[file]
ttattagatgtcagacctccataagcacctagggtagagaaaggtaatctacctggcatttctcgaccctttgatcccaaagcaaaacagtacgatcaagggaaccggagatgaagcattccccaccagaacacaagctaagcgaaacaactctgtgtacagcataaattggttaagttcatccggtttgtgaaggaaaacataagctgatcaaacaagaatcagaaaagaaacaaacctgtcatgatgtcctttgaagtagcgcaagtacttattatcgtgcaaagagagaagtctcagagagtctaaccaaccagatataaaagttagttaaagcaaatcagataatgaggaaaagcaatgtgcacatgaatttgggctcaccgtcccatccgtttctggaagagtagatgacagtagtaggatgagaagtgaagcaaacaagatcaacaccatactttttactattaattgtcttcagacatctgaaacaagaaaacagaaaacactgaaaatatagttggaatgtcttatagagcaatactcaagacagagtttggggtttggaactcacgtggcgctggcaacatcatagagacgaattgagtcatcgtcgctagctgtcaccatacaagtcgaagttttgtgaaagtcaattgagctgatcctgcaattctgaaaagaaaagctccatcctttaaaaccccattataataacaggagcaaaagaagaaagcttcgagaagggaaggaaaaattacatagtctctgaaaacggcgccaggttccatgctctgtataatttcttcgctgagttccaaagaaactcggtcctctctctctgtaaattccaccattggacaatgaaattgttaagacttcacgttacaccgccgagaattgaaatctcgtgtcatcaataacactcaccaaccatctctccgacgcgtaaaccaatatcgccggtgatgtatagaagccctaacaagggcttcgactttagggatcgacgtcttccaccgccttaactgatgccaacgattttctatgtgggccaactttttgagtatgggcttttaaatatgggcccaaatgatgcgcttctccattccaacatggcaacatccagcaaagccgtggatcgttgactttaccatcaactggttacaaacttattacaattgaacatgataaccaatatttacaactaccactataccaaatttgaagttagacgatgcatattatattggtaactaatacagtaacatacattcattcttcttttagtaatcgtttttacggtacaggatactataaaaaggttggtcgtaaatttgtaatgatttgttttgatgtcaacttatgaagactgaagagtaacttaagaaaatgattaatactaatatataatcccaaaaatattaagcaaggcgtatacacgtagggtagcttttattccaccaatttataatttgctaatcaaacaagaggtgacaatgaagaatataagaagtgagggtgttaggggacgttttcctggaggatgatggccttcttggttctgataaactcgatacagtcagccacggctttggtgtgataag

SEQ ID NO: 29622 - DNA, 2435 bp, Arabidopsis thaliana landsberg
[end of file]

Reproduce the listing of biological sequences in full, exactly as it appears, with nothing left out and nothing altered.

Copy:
ttattagatgtcagacctccataagcacctagggtagagaaaggtaatctacctggcatttctcgaccctttgatcccaaagcaaaacagtacgatcaagggaaccggagatgaagcattccccaccagaacacaagctaagcgaaacaactctgtgtacagcataaattggttaagttcatccggtttgtgaaggaaaacataagctgatcaaacaagaatcagaaaagaaacaaacctgtcatgatgtcctttgaagtagcgcaagtacttattatcgtgcaaagagagaagtctcagagagtctaaccaaccagatataaaagttagttaaagcaaatcagataatgaggaaaagcaatgtgcacatgaatttgggctcaccgtcccatccgtttctggaagagtagatgacagtagtaggatgagaagtgaagcaaacaagatcaacaccatactttttactattaattgtcttcagacatctgaaacaagaaaacagaaaacactgaaaatatagttggaatgtcttatagagcaatactcaagacagagtttggggtttggaactcacgtggcgctggcaacatcatagagacgaattgagtcatcgtcgctagctgtcaccatacaagtcgaagttttgtgaaagtcaattgagctgatcctgcaattctgaaaagaaaagctccatcctttaaaaccccattataataacaggagcaaaagaagaaagcttcgagaagggaaggaaaaattacatagtctctgaaaacggcgccaggttccatgctctgtataatttcttcgctgagttccaaagaaactcggtcctctctctctgtaaattccaccattggacaatgaaattgttaagacttcacgttacaccgccgagaattgaaatctcgtgtcatcaataacactcaccaaccatctctccgacgcgtaaaccaatatcgccggtgatgtatagaagccctaacaagggcttcgactttagggatcgacgtcttccaccgccttaactgatgccaacgattttctatgtgggccaactttttgagtatgggcttttaaatatgggcccaaatgatgcgcttctccattccaacatggcaacatccagcaaagccgtggatcgttgactttaccatcaactggttacaaacttattacaattgaacatgataaccaatatttacaactaccactataccaaatttgaagttagacgatgcatattatattggtaactaatacagtaacatacattcattcttcttttagtaatcgtttttacggtacaggatactataaaaaggttggtcgtaaatttgtaatgatttgttttgatgtcaacttatgaagactgaagagtaacttaagaaaatgattaatactaatatataatcccaaaaatattaagcaaggcgtatacacgtagggtagcttttattccaccaatttataatttgctaatcaaacaagaggtgacaatgaagaatataagaagtgagggtgttaggggacgttttcctggaggatgatggccttcttggttctgataaactcgatacagtcagccacggctttggtgtgataag

SEQ ID NO: 29622 - DNA, 2435 bp, Arabidopsis thaliana landsberg